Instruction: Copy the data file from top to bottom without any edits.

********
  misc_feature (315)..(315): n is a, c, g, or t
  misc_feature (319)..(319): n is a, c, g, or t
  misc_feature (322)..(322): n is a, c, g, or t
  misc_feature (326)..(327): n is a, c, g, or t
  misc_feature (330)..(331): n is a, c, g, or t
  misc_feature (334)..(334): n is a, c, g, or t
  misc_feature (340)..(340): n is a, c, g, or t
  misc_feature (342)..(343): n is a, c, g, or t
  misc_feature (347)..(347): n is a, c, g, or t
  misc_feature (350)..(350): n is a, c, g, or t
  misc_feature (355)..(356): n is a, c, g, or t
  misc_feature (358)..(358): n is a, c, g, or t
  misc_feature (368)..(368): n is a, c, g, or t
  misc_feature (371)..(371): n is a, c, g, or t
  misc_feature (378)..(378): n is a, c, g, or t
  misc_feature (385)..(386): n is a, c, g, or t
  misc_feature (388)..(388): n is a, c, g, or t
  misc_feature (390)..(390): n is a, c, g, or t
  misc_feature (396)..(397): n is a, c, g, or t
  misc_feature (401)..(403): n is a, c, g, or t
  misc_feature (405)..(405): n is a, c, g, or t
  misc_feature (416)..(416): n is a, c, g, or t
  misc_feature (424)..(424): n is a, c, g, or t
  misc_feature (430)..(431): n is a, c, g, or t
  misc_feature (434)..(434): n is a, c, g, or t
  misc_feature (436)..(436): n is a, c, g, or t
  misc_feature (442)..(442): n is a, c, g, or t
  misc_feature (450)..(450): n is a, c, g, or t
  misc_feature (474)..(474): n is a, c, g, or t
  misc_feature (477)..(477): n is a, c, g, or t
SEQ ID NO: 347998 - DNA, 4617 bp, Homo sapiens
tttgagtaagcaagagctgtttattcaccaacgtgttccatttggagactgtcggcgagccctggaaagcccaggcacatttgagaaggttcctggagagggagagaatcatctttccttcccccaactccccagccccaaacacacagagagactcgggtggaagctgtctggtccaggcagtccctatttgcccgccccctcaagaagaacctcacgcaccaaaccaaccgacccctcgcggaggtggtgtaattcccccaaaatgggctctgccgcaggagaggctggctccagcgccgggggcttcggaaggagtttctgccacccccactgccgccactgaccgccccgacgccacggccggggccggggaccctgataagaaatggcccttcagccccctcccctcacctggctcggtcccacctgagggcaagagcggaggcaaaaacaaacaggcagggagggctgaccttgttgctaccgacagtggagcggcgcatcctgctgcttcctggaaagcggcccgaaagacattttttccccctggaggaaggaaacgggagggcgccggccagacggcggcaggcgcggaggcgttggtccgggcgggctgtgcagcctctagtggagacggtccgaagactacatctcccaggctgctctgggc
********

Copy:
  misc_feature (315)..(315): n is a, c, g, or t
  misc_feature (319)..(319): n is a, c, g, or t
  misc_feature (322)..(322): n is a, c, g, or t
  misc_feature (326)..(327): n is a, c, g, or t
  misc_feature (330)..(331): n is a, c, g, or t
  misc_feature (334)..(334): n is a, c, g, or t
  misc_feature (340)..(340): n is a, c, g, or t
  misc_feature (342)..(343): n is a, c, g, or t
  misc_feature (347)..(347): n is a, c, g, or t
  misc_feature (350)..(350): n is a, c, g, or t
  misc_feature (355)..(356): n is a, c, g, or t
  misc_feature (358)..(358): n is a, c, g, or t
  misc_feature (368)..(368): n is a, c, g, or t
  misc_feature (371)..(371): n is a, c, g, or t
  misc_feature (378)..(378): n is a, c, g, or t
  misc_feature (385)..(386): n is a, c, g, or t
  misc_feature (388)..(388): n is a, c, g, or t
  misc_feature (390)..(390): n is a, c, g, or t
  misc_feature (396)..(397): n is a, c, g, or t
  misc_feature (401)..(403): n is a, c, g, or t
  misc_feature (405)..(405): n is a, c, g, or t
  misc_feature (416)..(416): n is a, c, g, or t
  misc_feature (424)..(424): n is a, c, g, or t
  misc_feature (430)..(431): n is a, c, g, or t
  misc_feature (434)..(434): n is a, c, g, or t
  misc_feature (436)..(436): n is a, c, g, or t
  misc_feature (442)..(442): n is a, c, g, or t
  misc_feature (450)..(450): n is a, c, g, or t
  misc_feature (474)..(474): n is a, c, g, or t
  misc_feature (477)..(477): n is a, c, g, or t
SEQ ID NO: 347998 - DNA, 4617 bp, Homo sapiens
tttgagtaagcaagagctgtttattcaccaacgtgttccatttggagactgtcggcgagccctggaaagcccaggcacatttgagaaggttcctggagagggagagaatcatctttccttcccccaactccccagccccaaacacacagagagactcgggtggaagctgtctggtccaggcagtccctatttgcccgccccctcaagaagaacctcacgcaccaaaccaaccgacccctcgcggaggtggtgtaattcccccaaaatgggctctgccgcaggagaggctggctccagcgccgggggcttcggaaggagtttctgccacccccactgccgccactgaccgccccgacgccacggccggggccggggaccctgataagaaatggcccttcagccccctcccctcacctggctcggtcccacctgagggcaagagcggaggcaaaaacaaacaggcagggagggctgaccttgttgctaccgacagtggagcggcgcatcctgctgcttcctggaaagcggcccgaaagacattttttccccctggaggaaggaaacgggagggcgccggccagacggcggcaggcgcggaggcgttggtccgggcgggctgtgcagcctctagtggagacggtccgaagactacatctcccaggctgctctgggc